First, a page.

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Mighty was a prominent character in Archie’s comics.

Meanwhile, in Archie’s Sonic comics, Mighty first appeared in their loose adaptation of Knuckles’ Chaotix, published in November 1995. This version of Mighty, while also super strong, was more of a pacifist who was originally born into a family of thieves and was deeply devoted to his younger sister (like most Archie Sonic characters, Mighty was lumbered with an extensive family tree) and his best friend, Ray, whom he treated like a younger brother.

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Ray and Mighty were like brothers in Archie’s Sonic comics.

Speaking of, Ray debuted in issue 26 of Knuckles the Echidna, featuring in a flashback that served as a loose adaptation of SEGASonic the Hedgehog. Lost in a space between dimensions for years, Ray was finally reunited with his friends and joined the Chaotix as a junior member. Ray, a timid youngster who suffered from a stutter, eventually gained a redesign (alongside Mighty) to better fit in with the post-Sonic Adventure (Sonic Team, 1998) designs of the cast and proved to be a tough and resourceful Freedom Fighter.

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Mighty and Ray look stunning in animation.

Sonic Mania Adventures, while simplistic in its design and narrative, maintained the strong brotherly bond between Mighty and Ray that was a staple of the Archie comics. In ‘& Knuckles’, Ray is desperately searching for Mighty, who has gone missing, and the two are reunited in ‘Mighty and Ray’. Mighty willingly throws himself between Ray and Metal Sonic to defend him and uses his brute strength to hurl a boulder at the robot. When Metal takes Ray hostage, Mighty reluctantly hands over the Chaos Emerald he has in order to spare his friend and the two quickly head out to join Sonic and Tails in regaining their lost jewel. Very quickly, in just one short episode, we very clearly see the friendly bond between the two and their personalities.

I’ve always found it interesting that, back when they were building up to the release of Sonic the Hedgehog 3 (SEGA, 1994), SEGA held one of their famous internal competitions to come up with a design for a new character. This would, of course, eventually become Knuckles the Echidna but they could just as easily have revived Mighty as the guardian of the floating Angel Island. Similarly, although SEGASonic the Hedgehog released some time after Sonic the Hedgehog 2 (SEGA Technical Institute, 1992), it isn’t exactly inconceivable that the result of their internal design for Sonic’s sidekick would have resulted in Ray’s early debut and his replacing of Tails.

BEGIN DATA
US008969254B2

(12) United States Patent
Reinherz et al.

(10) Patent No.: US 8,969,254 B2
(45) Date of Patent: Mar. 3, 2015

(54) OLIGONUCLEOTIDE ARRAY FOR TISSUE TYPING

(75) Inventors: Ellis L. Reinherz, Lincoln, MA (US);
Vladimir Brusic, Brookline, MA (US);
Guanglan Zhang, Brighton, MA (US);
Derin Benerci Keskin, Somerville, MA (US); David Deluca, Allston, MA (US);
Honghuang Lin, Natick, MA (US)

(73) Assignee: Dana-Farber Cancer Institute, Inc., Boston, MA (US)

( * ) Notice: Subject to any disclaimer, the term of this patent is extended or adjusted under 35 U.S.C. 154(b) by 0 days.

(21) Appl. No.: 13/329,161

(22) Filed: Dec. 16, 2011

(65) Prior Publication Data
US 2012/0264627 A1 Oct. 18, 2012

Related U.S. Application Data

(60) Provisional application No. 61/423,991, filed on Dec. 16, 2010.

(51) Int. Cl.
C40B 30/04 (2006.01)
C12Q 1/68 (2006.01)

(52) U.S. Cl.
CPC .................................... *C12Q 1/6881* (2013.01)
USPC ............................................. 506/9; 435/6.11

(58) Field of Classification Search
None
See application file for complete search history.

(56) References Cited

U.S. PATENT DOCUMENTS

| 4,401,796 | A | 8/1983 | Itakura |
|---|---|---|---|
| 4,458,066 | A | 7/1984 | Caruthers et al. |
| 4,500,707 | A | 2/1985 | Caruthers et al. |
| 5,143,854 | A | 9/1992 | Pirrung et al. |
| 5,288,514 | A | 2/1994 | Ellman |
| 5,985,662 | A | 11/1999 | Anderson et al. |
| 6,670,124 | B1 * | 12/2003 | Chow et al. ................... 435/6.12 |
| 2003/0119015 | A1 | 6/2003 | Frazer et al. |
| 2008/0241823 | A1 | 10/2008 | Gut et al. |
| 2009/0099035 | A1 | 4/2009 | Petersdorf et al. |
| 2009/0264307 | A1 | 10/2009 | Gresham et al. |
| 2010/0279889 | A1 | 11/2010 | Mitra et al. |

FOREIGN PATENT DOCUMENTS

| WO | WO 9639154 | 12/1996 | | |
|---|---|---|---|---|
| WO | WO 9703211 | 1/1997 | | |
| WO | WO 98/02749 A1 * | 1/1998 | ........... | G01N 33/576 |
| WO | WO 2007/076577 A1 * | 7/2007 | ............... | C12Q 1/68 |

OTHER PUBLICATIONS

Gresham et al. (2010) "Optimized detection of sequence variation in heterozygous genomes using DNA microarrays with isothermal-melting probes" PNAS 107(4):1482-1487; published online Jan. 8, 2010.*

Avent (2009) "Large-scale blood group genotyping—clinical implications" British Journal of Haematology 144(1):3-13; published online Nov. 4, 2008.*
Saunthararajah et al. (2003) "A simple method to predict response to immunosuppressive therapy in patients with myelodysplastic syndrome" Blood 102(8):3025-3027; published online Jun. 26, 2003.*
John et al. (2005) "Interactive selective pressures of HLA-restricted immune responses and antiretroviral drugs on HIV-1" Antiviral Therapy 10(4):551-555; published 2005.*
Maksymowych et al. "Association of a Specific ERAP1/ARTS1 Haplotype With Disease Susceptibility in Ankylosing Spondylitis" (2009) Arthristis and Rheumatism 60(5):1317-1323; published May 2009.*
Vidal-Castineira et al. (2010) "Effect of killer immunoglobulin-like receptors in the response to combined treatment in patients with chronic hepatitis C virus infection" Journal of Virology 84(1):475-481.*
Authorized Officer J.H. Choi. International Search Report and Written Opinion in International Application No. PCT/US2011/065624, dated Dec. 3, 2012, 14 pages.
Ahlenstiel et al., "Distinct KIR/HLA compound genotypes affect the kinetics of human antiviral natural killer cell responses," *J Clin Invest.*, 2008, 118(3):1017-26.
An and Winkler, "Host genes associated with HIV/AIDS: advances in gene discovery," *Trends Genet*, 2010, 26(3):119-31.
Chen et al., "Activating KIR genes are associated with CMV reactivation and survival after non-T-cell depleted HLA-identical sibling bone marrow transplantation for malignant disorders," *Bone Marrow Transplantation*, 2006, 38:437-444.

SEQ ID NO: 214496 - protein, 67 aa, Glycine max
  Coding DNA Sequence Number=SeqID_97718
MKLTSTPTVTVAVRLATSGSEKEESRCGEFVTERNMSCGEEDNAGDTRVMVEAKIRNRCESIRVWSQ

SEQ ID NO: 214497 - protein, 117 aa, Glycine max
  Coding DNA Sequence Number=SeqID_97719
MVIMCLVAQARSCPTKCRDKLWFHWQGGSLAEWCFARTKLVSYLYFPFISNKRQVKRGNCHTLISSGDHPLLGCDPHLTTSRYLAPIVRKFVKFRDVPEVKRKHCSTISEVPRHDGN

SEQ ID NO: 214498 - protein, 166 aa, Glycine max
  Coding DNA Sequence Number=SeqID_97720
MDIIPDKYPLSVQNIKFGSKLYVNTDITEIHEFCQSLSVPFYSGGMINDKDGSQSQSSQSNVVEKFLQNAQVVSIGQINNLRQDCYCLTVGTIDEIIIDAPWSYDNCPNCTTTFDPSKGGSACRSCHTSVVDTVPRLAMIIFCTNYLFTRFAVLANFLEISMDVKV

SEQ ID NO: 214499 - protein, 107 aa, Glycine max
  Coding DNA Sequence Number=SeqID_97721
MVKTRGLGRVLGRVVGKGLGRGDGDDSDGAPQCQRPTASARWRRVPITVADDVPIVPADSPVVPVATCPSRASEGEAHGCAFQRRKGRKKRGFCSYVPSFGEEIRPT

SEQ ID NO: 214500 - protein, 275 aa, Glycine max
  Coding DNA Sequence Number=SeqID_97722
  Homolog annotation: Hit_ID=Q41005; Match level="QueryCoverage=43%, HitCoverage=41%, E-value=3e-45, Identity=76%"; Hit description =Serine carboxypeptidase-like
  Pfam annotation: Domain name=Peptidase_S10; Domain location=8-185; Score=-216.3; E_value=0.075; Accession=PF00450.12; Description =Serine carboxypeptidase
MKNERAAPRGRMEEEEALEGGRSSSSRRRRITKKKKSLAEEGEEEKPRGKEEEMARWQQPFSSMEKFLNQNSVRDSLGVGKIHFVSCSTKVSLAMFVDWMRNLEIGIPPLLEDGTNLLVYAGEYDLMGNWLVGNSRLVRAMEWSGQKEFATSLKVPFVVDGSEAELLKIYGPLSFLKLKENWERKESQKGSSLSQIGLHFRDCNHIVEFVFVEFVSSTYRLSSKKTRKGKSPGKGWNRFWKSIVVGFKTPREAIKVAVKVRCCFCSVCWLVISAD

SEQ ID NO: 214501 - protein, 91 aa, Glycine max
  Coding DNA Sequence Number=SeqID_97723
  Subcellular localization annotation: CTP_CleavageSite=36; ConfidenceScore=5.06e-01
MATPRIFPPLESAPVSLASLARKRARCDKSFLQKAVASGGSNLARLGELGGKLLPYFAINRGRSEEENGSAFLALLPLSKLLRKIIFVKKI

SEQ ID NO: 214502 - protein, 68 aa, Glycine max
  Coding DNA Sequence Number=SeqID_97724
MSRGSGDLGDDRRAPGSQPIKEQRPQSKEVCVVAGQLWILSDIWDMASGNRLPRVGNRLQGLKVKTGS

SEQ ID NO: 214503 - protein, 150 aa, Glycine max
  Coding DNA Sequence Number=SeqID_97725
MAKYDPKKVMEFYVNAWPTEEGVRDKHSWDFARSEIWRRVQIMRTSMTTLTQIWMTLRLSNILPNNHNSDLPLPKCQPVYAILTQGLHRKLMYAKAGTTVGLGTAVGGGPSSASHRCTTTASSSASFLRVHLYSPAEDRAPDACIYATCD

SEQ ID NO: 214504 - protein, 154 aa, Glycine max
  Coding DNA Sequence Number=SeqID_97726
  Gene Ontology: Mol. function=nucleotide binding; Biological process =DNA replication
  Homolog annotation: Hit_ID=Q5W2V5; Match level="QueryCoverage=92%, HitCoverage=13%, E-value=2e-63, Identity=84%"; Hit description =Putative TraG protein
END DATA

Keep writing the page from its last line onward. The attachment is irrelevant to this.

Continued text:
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Ray could very well have replaced Tails.

Therefore, imagine, if you will, a slightly different turn of events. Instead of Yasushi Yamaguchi dreaming up the plucky two-tailed fox, Manabu Kusunoki’s Ray is submitted and approved for Sonic 2. Remember that, in Sonic 2, Tails never carried Sonic and, instead, controlled exactly the same; therefore, all Ray would be required to do would be to jump, roll, Spin Dash, and glide down from the heavens in two-player mode. Therefore, Ray would fit in really well with Sonic 2’s restrictions. In Sonic 3, though, Tails obviously carried Sonic in two-player modes and for the Marble Garden Zone boss. It’s difficult to imagine Ray being capable of this, so that aspect of the videogame would ultimately have been lost, however it’s very easy to see Ray borrowing Tails’ swimming mechanic, Knuckles’ glide to manoeuvre around stages, and possibly some kind of swinging mechanic using his bushy tail. While the absence of full-on flight would have been lost from the Triple Threat’s moveset in subsequent 3D titles, Ray could easily have adopted the 3D gliding of Knuckles and possibly even a spring-loaded jump of sorts